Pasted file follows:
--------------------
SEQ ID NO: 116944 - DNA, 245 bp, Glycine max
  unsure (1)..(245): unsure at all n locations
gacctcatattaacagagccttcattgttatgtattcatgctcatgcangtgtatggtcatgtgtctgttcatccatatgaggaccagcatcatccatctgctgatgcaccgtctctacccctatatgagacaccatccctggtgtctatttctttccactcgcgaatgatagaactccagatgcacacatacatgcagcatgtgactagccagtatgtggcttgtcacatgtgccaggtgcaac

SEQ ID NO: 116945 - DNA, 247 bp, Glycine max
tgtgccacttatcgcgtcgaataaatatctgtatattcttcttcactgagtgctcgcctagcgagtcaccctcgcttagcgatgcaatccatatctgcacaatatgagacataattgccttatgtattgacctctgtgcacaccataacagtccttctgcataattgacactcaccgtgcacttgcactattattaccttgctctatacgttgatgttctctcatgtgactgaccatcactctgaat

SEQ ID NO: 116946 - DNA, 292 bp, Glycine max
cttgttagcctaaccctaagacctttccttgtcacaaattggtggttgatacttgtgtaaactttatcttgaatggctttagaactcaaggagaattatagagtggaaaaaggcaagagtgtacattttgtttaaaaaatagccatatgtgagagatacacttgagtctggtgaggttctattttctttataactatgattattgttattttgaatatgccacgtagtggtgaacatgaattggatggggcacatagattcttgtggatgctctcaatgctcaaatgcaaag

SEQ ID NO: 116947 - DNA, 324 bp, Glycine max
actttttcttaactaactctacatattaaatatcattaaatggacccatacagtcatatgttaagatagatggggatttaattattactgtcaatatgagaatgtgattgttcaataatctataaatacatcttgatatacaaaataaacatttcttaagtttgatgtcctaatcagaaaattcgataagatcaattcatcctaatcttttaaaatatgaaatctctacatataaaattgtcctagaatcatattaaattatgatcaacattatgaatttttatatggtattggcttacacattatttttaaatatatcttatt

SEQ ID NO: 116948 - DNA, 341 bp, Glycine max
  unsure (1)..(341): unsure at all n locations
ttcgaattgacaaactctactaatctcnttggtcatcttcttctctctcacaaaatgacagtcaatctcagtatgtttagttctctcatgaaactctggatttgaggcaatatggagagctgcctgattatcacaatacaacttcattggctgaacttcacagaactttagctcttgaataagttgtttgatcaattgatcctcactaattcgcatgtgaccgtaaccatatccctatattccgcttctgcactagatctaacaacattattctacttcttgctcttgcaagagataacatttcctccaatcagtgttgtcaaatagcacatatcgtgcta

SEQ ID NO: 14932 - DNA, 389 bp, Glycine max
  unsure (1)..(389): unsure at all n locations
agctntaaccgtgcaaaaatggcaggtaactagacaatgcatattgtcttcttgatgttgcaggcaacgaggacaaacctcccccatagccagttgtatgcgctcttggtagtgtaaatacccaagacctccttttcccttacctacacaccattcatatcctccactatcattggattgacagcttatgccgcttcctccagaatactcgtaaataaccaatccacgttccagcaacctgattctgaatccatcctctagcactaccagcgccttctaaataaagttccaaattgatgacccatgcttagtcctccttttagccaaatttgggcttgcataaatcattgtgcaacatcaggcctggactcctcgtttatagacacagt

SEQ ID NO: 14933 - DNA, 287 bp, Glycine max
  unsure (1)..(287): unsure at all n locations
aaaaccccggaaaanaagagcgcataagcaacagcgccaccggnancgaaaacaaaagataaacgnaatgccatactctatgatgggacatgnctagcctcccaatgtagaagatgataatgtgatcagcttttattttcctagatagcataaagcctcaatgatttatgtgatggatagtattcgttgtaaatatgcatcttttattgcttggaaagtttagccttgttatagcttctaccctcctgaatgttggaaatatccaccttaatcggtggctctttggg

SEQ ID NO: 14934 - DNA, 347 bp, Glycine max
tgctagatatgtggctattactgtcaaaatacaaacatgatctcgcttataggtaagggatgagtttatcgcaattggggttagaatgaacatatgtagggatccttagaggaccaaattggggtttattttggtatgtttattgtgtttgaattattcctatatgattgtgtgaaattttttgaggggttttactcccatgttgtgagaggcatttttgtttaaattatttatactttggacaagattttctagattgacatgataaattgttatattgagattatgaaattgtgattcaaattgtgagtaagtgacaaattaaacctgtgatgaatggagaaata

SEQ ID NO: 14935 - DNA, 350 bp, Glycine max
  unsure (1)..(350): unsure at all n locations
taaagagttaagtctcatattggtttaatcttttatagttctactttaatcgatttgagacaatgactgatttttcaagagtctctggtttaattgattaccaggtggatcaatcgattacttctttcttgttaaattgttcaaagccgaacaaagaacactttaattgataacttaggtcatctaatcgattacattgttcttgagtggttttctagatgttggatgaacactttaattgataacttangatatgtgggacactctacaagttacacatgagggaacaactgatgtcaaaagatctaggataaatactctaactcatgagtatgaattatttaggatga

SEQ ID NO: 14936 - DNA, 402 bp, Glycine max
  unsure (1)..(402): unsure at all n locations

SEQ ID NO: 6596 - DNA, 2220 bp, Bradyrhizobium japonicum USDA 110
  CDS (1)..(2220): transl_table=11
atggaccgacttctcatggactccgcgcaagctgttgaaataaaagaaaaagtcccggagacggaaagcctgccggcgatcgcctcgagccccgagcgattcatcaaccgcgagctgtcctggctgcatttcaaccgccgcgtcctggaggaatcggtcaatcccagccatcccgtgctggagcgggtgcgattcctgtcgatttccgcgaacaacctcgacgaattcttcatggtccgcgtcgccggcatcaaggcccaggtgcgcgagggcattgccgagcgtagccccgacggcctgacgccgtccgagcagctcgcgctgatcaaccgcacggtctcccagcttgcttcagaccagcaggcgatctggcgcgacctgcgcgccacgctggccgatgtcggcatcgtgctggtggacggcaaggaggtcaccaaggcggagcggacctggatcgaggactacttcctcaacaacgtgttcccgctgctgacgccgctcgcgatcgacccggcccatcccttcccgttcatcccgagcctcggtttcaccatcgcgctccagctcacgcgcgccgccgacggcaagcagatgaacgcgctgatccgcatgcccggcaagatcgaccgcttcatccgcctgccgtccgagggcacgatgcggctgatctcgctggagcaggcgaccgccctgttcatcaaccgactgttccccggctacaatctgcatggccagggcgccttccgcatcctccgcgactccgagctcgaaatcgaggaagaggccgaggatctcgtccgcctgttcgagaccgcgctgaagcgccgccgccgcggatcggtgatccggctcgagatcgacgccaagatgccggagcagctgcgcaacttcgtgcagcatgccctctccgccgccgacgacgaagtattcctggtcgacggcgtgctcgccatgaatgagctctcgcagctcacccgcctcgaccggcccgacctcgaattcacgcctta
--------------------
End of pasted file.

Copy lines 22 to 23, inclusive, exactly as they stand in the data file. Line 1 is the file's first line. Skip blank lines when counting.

  unsure (1)..(350): unsure at all n locations
taaagagttaagtctcatattggtttaatcttttatagttctactttaatcgatttgagacaatgactgatttttcaagagtctctggtttaattgattaccaggtggatcaatcgattacttctttcttgttaaattgttcaaagccgaacaaagaacactttaattgataacttaggtcatctaatcgattacattgttcttgagtggttttctagatgttggatgaacactttaattgataacttangatatgtgggacactctacaagttacacatgagggaacaactgatgtcaaaagatctaggataaatactctaactcatgagtatgaattatttaggatga